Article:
Plaintiffs explain that this suit was pending in 1994 and, in a set of interrogatory answers, Defendant identified “eight prior claimants, with law suits ranging back to 1987, ” including “Babin, John suit filed 6/29/1990, ” “Balmilero, Dante, suit filed 4/25/1990, ” “Ballinpley, Jason suit filed 4/4/1994, ” “Charron, Helene Lavasseur suit filed 6/6/1992, ” “Griffin, Thomas suit filed 2/13/1987, ” “Haney, Bradford suit filed 2/7/1994, ” “Harris, Lanny K. suit filed 4/21/1993, ” “Sowers, Cynthia suit filed 9/13/1993.” [DN 202 at 5-6.] However, Plaintiffs simply state that “No other documents were provided” and do not provide any additional explanation about any of the eight claimants. In Exhibit 1 to the Appendix Plaintiffs filed in support of their memorandum, Plaintiffs only include a document titled “Specially Prepared Interrogatories” in the case Aleshire v. American Golf Corporation, et. al. [See DN 201-1.] Therein, the plaintiffs in that case requested information regarding “any legal actions for personal injuries other than the instant action . . . for personal injuries within the past ten years.” [Id. at 2-3.] In response, E-Z-GO disclosed the names and dates of actions filed by the above eight plaintiffs.

         There is no indication, however, what the facts or circumstances of any of those eight cases were. As Defendant states in its supplemental brief, the interrogatories served in the Aleshire case “addressed ‘claims for personal injury' in the preceding 10 years and was not directed to any particular defect or claim facts.” [DN 207 at 10.] Defendant further argues that “the interrogatories contain the name and address of plaintiffs' attorney that would have allowed further investigation of the underlying facts needed to meet the Plaintiffs' burden of ‘substantial similarity' necessary for admission. Plaintiffs do not report any such contact with the listed counsel for plaintiffs the Aleshire case.” [Id.] The Court agrees, and because Plaintiffs do not provide any other information about the eight cases identified in the discovery responses in the Aleshire case, evidence of these lawsuits will be excluded.

         2. Hoo Han Yoo, Appendix Ex. 2

         Plaintiffs also wish to introduce evidence of a prior incident which occurred on April 22, 1990, in which the plaintiff, Hoo Han Yoo, filed suit following a wreck in an E-Z-GO vehicle. In his complaint, Yoo alleged that “[o]n or about April 22, 1990, plaintiff Hoo Hyun Yoo was . . . operating the E-Z-Go Gold Cart incidental to playing golf.” [DN 201-2 at 6.] According to Yoo, “the brake on the said golf cart failed to work properly, and plaintiff on account thereof was thrown from said gold cart while operating and driving it over the Fullerton Municipal Golf Course on said date…” [Id.] Yoo further alleged that the vehicle “failed to safely slow down and stop and proximately caused plaintiff to sustain the injuries and damages set forth” in the complaint. [Id. at 14.] In addition to suing E-Z-GO, Yoo sued the golf course, alleging that it “caused, permitted and allowed plaintiff to drive and operate the E-Z-GO golf cart on said premises on a downward slope, which resulted in said golf cart's accelerating to a dangerous speed and to tip over, thereby causing plaintiff to suffer the injuries and damages hereinafter described.” [Id. at 18.]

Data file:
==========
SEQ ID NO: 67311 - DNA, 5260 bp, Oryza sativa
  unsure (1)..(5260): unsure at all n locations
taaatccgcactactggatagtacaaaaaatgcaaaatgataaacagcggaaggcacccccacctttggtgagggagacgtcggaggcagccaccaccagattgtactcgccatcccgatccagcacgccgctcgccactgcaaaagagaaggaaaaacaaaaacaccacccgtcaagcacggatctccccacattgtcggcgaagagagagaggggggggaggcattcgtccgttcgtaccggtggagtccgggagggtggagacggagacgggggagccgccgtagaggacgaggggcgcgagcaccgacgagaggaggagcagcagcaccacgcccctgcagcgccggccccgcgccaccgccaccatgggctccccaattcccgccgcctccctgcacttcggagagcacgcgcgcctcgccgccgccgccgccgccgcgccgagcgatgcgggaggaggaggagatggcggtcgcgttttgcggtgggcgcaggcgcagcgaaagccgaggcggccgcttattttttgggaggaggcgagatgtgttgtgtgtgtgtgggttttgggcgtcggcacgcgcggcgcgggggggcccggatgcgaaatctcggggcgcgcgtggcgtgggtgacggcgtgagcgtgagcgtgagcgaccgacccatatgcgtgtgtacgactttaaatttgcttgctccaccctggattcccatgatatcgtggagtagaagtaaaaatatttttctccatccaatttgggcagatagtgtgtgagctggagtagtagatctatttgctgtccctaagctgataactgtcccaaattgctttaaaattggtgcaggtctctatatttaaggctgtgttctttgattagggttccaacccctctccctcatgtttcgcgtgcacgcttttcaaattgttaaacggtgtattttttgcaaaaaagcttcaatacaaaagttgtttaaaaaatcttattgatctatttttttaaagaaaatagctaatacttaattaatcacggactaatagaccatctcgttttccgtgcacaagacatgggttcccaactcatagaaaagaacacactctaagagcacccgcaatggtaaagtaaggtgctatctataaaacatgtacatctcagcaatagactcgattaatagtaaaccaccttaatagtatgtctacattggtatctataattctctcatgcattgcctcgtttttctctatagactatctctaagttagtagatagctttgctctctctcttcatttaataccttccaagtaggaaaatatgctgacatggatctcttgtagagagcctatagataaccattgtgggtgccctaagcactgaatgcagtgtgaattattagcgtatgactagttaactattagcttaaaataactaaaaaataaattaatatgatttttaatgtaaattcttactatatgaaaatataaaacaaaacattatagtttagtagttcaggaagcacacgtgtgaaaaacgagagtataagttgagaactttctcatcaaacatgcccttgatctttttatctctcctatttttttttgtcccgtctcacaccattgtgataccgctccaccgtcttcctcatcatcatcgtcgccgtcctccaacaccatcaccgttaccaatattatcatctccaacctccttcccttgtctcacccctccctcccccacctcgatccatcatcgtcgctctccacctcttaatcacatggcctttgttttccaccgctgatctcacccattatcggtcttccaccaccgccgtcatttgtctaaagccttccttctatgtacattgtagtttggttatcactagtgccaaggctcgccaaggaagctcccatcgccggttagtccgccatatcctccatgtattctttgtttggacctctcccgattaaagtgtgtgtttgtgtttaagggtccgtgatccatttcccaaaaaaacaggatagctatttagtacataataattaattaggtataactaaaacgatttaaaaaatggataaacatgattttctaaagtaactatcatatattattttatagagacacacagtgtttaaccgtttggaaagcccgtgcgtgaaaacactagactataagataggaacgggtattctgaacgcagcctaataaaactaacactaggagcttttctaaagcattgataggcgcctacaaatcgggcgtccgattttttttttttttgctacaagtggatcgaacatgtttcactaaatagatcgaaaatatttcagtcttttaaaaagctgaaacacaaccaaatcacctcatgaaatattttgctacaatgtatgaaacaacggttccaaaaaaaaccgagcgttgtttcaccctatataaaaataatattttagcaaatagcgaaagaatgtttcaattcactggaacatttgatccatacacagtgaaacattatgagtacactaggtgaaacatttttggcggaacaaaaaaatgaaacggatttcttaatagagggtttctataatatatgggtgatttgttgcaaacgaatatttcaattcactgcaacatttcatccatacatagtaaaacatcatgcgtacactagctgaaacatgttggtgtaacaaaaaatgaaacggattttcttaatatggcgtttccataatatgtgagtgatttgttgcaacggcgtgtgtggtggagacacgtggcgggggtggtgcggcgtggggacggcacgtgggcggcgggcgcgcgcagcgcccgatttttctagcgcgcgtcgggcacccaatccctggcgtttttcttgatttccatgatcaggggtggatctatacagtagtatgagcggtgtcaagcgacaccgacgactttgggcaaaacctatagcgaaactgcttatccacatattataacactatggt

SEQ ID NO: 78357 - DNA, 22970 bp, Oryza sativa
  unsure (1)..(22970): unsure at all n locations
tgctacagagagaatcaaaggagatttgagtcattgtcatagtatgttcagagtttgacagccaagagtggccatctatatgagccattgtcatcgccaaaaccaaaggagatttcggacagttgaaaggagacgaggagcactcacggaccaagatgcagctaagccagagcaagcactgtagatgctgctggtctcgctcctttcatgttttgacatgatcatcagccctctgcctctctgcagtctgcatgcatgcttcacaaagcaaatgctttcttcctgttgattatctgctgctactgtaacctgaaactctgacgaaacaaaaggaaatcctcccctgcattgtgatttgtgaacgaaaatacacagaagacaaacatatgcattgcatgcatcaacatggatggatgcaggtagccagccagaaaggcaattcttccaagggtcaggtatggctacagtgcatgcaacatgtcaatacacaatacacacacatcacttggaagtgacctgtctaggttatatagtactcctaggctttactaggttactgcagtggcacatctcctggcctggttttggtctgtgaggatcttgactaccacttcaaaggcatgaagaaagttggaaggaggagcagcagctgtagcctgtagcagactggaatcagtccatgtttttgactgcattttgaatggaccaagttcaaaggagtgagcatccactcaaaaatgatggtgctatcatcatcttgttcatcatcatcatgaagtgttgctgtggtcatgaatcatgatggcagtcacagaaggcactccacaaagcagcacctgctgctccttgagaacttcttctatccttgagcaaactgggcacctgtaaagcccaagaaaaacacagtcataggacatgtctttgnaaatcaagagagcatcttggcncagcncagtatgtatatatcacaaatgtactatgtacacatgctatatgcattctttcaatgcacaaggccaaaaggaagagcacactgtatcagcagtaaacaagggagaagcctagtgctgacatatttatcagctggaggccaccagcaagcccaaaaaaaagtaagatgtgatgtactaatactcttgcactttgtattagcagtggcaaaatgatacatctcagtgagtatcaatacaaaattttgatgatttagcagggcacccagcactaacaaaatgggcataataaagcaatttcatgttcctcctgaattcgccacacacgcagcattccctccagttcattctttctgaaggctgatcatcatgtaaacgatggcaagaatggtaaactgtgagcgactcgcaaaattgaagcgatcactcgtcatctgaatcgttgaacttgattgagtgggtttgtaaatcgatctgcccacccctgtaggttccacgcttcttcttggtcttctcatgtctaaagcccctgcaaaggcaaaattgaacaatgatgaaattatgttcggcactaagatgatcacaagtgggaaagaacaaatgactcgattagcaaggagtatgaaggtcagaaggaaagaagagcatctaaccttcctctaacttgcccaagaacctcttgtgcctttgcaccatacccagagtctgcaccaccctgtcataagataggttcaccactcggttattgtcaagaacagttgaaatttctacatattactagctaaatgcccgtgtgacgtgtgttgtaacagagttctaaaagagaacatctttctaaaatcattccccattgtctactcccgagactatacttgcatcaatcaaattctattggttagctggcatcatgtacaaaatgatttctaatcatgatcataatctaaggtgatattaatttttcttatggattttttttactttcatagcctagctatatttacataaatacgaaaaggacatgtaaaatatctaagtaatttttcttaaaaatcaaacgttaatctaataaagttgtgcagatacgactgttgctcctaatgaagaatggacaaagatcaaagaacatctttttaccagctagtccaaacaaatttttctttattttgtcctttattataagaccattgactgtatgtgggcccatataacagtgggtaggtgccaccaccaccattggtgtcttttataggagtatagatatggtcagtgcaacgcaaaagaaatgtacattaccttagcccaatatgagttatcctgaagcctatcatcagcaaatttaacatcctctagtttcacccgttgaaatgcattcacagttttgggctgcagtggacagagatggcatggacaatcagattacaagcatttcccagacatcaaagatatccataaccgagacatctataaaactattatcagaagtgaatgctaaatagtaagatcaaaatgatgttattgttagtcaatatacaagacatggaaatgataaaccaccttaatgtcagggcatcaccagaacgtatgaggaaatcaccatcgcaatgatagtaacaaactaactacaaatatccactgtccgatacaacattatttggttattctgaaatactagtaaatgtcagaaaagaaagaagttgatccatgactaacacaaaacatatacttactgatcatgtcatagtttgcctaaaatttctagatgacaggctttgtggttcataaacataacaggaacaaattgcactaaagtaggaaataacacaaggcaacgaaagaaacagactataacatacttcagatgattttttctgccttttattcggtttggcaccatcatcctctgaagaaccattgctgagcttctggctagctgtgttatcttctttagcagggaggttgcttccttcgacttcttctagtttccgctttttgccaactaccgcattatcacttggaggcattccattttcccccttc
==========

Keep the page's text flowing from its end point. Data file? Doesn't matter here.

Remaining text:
In the traffic collision report from the wreck, Yoo's statement was that “he was coming down the hill in the golf cart” and “going faster and faster. He tried the brakes but it didn't slow down. At the bottom of the hill, he tried to turn to stay on the path but the cart overturned. It threw him out and the cart landed on top of him. Prior to the incident, he heard strange sounds every time he applied the brakes. He didn't think anything was wrong because the brakes stopped the car before the incident occurred.” [Id. at 26.] The opinions and conclusions section of the report stated that, though the brakes appeared to be working after the accident, “[i]t seems from the statements [that the vehicle] was going to[o] fast to initiate the turn at the bottom of the hill. Maybe the brakes couldn't stop the cart because of the speed it was traveling. The speed was the cause of the T/c to prevent the [driver] to initiate the turn.” [Id.]

         The Court does not find substantial similarity here. In this case, Plaintiffs allege that the brakes were defective in that they failed to safely stop the vehicle because applying them caused yaw instability and the subsequent rollover. In Yoo, by contrast, the allegation was that Yoo “tried the brakes but it didn't slow down.” [Id. at 26.] This is different from what happened when Molly Kyle was driving the Vehicle in this case. On the whole, the Court cannot say that this incident is substantially similar to the incident in this case.